If you have another module that you want to have added or if anything doesn’t work, please give me a shout.
An interesting question might be whether someone has viewed a given picture. We know that the physical address space contains many 4kB sized pages. This is a problem for analysing the memory because we usually expect data to be larger than 4kB and this data is most likely fragmented in physical memory. So extracting a picture from the raw memory dump, while possible would be problematic. Our approach was to create a contiguous dump of a processes virtual memory address space and to search our target image in that memory dump. Fortunately, volatility is already able to dump a process’ virtual memory address space, which leaves us with the admittedly not too hard task of finding and extracting binary data of that picture.
We started by generating a list of running processes from the RAM image to identify the process ID of our target process (firefox in our case):
$ volatility pslist -f memorydump Name Pid PPid Thds Hnds Time firefox.exe 2212 2720 22 320 Sat Mar 20 14:33:29 2010
Afterwards, we dump the processes virtual memory, using the PID of that process, into a file. Using this we can start searching for our target picture in the process memory dump:
$ volatility memdmp -p 2212 -f memorydump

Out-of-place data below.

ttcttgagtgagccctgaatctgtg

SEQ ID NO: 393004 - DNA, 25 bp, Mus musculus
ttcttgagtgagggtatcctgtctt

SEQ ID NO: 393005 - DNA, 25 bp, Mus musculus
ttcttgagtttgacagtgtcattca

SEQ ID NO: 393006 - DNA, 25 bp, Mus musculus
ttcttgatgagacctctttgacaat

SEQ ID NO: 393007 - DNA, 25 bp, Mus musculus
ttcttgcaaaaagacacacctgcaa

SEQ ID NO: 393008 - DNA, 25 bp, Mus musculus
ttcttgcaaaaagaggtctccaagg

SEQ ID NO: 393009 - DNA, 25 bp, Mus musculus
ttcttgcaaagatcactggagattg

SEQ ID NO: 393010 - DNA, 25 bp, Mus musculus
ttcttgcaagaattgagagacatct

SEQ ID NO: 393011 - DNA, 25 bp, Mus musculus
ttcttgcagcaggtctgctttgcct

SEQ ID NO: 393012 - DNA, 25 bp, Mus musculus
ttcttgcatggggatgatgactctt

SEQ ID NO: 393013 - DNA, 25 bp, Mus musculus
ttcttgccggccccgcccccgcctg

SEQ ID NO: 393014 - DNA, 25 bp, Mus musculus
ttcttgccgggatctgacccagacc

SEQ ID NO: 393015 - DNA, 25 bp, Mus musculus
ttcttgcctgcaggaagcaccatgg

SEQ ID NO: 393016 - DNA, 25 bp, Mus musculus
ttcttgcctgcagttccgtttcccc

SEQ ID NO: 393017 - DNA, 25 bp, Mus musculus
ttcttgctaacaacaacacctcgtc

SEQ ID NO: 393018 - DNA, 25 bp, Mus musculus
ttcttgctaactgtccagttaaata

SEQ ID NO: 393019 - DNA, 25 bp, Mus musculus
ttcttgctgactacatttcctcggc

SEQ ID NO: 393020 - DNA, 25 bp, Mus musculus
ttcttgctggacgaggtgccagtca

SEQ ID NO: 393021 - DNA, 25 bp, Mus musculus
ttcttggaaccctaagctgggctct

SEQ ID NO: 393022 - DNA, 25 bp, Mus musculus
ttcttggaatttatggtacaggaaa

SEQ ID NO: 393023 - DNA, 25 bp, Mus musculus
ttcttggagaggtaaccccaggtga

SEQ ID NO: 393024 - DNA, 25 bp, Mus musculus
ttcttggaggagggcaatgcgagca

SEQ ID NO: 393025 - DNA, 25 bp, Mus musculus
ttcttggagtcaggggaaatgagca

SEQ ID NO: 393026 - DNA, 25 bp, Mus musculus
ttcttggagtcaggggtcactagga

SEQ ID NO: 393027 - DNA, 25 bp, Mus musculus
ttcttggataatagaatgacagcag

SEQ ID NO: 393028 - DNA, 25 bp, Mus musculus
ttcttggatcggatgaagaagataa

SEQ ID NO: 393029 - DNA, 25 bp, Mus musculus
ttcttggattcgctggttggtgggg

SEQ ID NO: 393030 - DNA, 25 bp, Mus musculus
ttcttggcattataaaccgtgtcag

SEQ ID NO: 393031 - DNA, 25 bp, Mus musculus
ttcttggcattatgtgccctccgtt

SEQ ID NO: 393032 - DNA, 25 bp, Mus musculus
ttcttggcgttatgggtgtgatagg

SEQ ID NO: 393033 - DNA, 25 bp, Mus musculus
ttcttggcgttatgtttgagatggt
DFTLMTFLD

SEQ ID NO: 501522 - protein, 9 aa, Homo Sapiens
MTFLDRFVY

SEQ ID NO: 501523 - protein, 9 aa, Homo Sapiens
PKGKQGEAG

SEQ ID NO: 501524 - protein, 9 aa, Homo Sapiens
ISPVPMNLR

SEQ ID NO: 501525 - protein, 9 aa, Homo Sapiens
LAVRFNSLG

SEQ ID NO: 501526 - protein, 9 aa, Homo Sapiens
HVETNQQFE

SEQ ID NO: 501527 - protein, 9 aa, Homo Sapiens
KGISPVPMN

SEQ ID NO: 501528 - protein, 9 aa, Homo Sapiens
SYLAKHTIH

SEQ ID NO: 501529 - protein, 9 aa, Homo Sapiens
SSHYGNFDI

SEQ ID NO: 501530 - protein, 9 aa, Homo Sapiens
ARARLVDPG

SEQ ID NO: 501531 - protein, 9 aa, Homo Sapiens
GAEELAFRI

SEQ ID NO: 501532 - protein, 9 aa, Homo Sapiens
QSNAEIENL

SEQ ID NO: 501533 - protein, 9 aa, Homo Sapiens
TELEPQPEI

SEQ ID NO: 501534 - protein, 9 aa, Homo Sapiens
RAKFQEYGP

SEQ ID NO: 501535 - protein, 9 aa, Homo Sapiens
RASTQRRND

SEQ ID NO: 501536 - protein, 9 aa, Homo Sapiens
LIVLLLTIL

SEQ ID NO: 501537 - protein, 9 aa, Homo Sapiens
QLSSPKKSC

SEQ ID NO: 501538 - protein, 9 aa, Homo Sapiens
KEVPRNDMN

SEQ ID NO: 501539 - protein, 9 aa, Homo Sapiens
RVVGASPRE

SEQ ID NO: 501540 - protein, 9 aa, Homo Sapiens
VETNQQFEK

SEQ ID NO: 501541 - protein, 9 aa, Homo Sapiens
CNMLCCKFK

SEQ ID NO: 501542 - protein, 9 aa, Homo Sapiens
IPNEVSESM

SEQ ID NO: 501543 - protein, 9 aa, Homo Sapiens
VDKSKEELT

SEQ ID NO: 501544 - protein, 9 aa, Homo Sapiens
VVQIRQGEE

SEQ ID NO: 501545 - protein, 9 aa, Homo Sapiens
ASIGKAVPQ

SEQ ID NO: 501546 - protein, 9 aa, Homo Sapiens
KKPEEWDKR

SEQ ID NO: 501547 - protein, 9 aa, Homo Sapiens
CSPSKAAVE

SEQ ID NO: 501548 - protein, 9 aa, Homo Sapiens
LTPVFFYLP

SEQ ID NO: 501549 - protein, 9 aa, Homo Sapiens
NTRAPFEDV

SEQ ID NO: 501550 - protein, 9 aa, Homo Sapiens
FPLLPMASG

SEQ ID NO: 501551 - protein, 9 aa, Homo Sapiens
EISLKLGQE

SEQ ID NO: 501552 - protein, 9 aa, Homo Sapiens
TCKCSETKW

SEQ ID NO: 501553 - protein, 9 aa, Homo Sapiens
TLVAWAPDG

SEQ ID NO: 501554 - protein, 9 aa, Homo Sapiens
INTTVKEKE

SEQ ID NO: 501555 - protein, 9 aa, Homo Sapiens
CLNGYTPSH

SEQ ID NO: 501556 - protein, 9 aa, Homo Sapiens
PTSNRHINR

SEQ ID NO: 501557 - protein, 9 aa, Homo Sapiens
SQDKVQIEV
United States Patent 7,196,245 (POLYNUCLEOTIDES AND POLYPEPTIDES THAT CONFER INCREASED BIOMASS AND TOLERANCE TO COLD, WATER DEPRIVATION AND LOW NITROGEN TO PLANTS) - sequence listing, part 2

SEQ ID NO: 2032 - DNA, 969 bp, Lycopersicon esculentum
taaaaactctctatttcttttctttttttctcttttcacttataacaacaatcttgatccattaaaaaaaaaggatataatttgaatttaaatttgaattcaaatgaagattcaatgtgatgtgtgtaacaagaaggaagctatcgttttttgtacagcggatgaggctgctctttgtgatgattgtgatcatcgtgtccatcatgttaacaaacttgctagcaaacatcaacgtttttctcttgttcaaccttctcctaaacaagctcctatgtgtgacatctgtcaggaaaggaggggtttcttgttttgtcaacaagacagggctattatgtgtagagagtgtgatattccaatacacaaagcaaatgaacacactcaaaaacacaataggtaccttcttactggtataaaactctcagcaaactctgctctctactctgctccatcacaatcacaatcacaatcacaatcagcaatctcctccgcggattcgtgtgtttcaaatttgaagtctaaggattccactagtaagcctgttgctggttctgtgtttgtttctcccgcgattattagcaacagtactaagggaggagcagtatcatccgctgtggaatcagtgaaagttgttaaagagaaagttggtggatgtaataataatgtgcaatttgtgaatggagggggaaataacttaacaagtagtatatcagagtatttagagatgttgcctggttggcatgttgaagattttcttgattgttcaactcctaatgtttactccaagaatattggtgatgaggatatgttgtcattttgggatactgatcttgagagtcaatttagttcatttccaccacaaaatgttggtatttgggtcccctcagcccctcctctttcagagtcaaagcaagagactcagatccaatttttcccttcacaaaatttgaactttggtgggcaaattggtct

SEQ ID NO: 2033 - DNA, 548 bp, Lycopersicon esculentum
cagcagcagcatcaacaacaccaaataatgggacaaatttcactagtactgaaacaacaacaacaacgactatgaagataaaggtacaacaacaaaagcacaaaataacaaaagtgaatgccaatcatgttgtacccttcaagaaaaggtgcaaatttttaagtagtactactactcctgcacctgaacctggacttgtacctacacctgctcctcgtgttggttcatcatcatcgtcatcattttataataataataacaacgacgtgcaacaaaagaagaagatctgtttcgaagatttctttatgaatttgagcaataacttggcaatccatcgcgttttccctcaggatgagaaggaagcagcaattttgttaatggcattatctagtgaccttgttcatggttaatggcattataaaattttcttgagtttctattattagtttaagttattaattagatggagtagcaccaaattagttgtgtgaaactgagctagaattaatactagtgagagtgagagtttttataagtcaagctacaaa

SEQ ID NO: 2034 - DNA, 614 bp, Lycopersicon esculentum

If we knew that the picture file that is being searched for was a JPEG and we found that these files have a start and end byte sequence 0xffd8 and 0xffd9 respectively. While this was helpful information we still need to narrow down our search. Using xxd we can take small byte sequences from the body of original picture and search for this sequence in the process’ ID image file. Using this method we are able to find the start of the JPEG picture, in the firefox process memory dump. Here, we can see that the start of the JPEG image marker (0xffd8) occurs at address 0x4e20008 in the image dump:
4e20000: 120e 0200 120e 0200 ffd8 ffe0 0010 4a46 ..............JF 4e20010: 4946 0001 0200 0064 0064 0000 ffec 0011 IF.....d.d...... 4e20020: 4475 636b 7900 0100 0400 0000 3c00 00ff Ducky.......<...
Then from this point forwards in the file, a search for the JPEG end of file byte sequence (0xffd9) gives us the address of the end of the JPEG picture in the memory image file. Here we can see that the JPEG picture ends at address 0x4e40e19:
4e40e00: d5c2 5047 3401 82c7 b75c 5638 2624 461d ..PG4....\V8&$F. 4e40e10: 4c54 f6b1 3d3c 4b3f ffd9 6500 2800 2700 LT..=<K?..e.(.'. 4e40e20: 7000 7800 2700 2c00 2700 2700 2900 3b00 p.x.'.,.'.'.).;.